It seems like this might become a discussion of Aleatory vs Epistemic Uncertainty. I like this way of describing the distinction between the two (from here—pdf):

In distinguishing between aleatory variability and epistemic uncertainty it can be helpful to think how you would describe, in words, the parameter under consideration. If the parameter sometimes has one value and sometimes has another values, then it has aleatory variability. That is, the variability is random. If the parameter always has either one value or another, but we are not sure which it is, then the parameter has epistemic uncertainty.

I believe that the differences between classical decision theory and FDT’s only occur in the context of aleatory uncertainty (although in some formulations of newcomb’s paradox there’s no actual uncertainty). That is, if you are in an epistemically uncertain environment, then FDT and classical decision theory will agree on all problems (hopefully by saying this I can cause someone to come up with a juicy counterexample).

In your example, it is unclear to me what sort of uncertainty the problem possesses because I don’t know enough about the oracle.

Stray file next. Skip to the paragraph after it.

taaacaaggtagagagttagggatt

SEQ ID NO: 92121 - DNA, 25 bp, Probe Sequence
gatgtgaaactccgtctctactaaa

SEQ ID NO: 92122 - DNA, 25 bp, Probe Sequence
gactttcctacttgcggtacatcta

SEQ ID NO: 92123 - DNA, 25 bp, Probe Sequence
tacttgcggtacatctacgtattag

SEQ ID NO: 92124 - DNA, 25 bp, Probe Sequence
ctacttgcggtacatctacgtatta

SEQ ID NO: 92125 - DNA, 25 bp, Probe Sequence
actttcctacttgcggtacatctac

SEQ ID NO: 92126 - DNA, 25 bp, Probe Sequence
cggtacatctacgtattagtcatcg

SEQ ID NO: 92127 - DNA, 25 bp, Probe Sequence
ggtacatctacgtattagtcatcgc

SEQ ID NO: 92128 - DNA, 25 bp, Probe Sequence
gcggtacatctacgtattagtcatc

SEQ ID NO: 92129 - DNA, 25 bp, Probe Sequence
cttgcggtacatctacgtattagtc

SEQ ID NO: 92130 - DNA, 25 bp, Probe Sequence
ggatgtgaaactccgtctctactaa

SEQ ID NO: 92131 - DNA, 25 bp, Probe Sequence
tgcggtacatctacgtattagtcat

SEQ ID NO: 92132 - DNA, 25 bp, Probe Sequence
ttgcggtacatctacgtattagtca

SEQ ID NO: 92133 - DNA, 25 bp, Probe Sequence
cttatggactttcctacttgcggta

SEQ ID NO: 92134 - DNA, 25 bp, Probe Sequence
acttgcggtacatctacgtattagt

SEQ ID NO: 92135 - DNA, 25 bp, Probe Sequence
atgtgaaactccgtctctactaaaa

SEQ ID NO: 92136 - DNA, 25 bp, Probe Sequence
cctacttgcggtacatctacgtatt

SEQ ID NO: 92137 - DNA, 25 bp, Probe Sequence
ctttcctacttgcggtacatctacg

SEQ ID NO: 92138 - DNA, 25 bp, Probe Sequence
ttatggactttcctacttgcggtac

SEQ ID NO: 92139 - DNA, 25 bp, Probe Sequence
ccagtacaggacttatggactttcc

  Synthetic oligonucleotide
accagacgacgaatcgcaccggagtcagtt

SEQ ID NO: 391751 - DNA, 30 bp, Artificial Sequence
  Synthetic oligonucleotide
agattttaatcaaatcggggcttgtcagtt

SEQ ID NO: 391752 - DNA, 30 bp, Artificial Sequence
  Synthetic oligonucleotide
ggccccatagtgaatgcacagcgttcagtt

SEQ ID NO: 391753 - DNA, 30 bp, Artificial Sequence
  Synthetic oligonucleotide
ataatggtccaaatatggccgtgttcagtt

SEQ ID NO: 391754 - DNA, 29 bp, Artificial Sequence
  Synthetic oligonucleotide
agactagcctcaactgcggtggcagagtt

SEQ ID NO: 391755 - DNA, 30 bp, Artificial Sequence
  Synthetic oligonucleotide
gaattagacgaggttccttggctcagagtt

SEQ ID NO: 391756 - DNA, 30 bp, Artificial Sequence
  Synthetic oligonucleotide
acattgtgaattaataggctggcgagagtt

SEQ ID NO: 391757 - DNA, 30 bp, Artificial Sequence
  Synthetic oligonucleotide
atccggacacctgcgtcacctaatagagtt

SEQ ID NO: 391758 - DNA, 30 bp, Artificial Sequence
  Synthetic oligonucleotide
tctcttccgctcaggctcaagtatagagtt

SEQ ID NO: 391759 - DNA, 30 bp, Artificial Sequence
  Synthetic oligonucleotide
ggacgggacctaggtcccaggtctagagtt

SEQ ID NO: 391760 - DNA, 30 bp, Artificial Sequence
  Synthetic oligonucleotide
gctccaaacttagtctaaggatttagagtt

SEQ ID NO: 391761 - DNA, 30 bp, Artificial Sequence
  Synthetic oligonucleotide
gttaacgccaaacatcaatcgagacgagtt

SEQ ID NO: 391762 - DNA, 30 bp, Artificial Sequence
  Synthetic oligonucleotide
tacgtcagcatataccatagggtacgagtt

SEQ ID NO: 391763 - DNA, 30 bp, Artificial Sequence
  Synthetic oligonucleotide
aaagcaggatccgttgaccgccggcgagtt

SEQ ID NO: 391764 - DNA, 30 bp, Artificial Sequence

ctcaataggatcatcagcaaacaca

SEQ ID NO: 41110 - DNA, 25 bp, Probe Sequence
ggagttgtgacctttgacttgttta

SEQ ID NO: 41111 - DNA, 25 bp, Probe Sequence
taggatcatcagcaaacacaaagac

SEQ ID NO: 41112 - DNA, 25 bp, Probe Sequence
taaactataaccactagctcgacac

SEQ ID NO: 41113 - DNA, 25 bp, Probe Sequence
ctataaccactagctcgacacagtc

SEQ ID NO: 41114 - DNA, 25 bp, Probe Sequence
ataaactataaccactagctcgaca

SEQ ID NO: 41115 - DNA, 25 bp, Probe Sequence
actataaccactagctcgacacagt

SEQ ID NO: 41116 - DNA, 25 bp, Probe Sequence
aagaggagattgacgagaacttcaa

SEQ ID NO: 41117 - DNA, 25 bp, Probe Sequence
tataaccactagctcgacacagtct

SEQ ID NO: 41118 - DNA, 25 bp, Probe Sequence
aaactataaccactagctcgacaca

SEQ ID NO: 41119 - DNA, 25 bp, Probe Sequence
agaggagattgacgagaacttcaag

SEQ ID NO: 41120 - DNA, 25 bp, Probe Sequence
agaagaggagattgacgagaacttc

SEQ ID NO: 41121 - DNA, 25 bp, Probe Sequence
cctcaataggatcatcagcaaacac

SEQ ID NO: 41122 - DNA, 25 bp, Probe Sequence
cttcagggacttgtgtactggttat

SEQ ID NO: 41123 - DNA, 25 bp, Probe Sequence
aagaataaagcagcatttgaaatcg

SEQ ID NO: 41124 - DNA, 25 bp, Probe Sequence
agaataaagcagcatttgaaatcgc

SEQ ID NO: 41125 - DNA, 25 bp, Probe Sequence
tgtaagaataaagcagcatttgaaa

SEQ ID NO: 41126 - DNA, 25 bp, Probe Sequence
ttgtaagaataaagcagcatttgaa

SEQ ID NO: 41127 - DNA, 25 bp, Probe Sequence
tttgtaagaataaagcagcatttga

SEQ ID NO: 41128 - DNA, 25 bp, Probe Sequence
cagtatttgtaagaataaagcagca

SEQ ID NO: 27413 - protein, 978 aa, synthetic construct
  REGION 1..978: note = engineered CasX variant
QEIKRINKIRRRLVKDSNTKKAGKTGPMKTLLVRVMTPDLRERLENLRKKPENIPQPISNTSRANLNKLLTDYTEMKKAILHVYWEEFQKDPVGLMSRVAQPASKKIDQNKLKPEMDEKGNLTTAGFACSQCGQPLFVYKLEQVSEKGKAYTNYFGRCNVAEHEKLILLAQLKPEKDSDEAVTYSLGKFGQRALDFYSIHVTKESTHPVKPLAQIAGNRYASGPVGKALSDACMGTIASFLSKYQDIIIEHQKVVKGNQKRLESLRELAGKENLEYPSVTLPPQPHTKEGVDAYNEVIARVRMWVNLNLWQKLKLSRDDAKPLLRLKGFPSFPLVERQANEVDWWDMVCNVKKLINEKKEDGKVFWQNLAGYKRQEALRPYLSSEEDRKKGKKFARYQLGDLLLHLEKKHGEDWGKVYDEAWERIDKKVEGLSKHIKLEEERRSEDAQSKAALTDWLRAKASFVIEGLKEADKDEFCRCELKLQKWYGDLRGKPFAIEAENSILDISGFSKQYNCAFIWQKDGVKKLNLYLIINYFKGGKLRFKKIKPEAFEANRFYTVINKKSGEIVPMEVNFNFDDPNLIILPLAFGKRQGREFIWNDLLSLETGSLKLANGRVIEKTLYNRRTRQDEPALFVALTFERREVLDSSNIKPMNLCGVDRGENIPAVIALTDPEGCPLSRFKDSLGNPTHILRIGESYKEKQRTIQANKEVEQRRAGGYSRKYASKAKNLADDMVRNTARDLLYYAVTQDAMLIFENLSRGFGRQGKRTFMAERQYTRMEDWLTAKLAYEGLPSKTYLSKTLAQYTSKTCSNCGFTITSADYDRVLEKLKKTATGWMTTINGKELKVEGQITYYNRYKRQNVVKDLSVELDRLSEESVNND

In the simple example where a quantum coin with a 99% chance of coming up heads is flipped to determine whether the oracle gives the right answer or the wrong answer, then the answer I gave above is right. Use expected value under the assumptions of FDT; classical decision theory will lead you to 2-box and that would lower your expected gains.

In your example relying on demographic information, it will depend a bit on what sorts of information count as “demographic” in nature. If you are, in this moment by reading this comment on lesswrong, forming the sort of self that will result in you 1-boxing or 2-boxing and that information is also an input to this sort of oracle, then I encourage you to 1-box on the oracle you had in mind.

Would a play format work? e.g.

“Iarwain (languidly): I don’t know that I am much interested in your family life, Lintamande”

Someone would have to translate the various profile pictures into emotions, but I would expect there to only be a handful of them per character.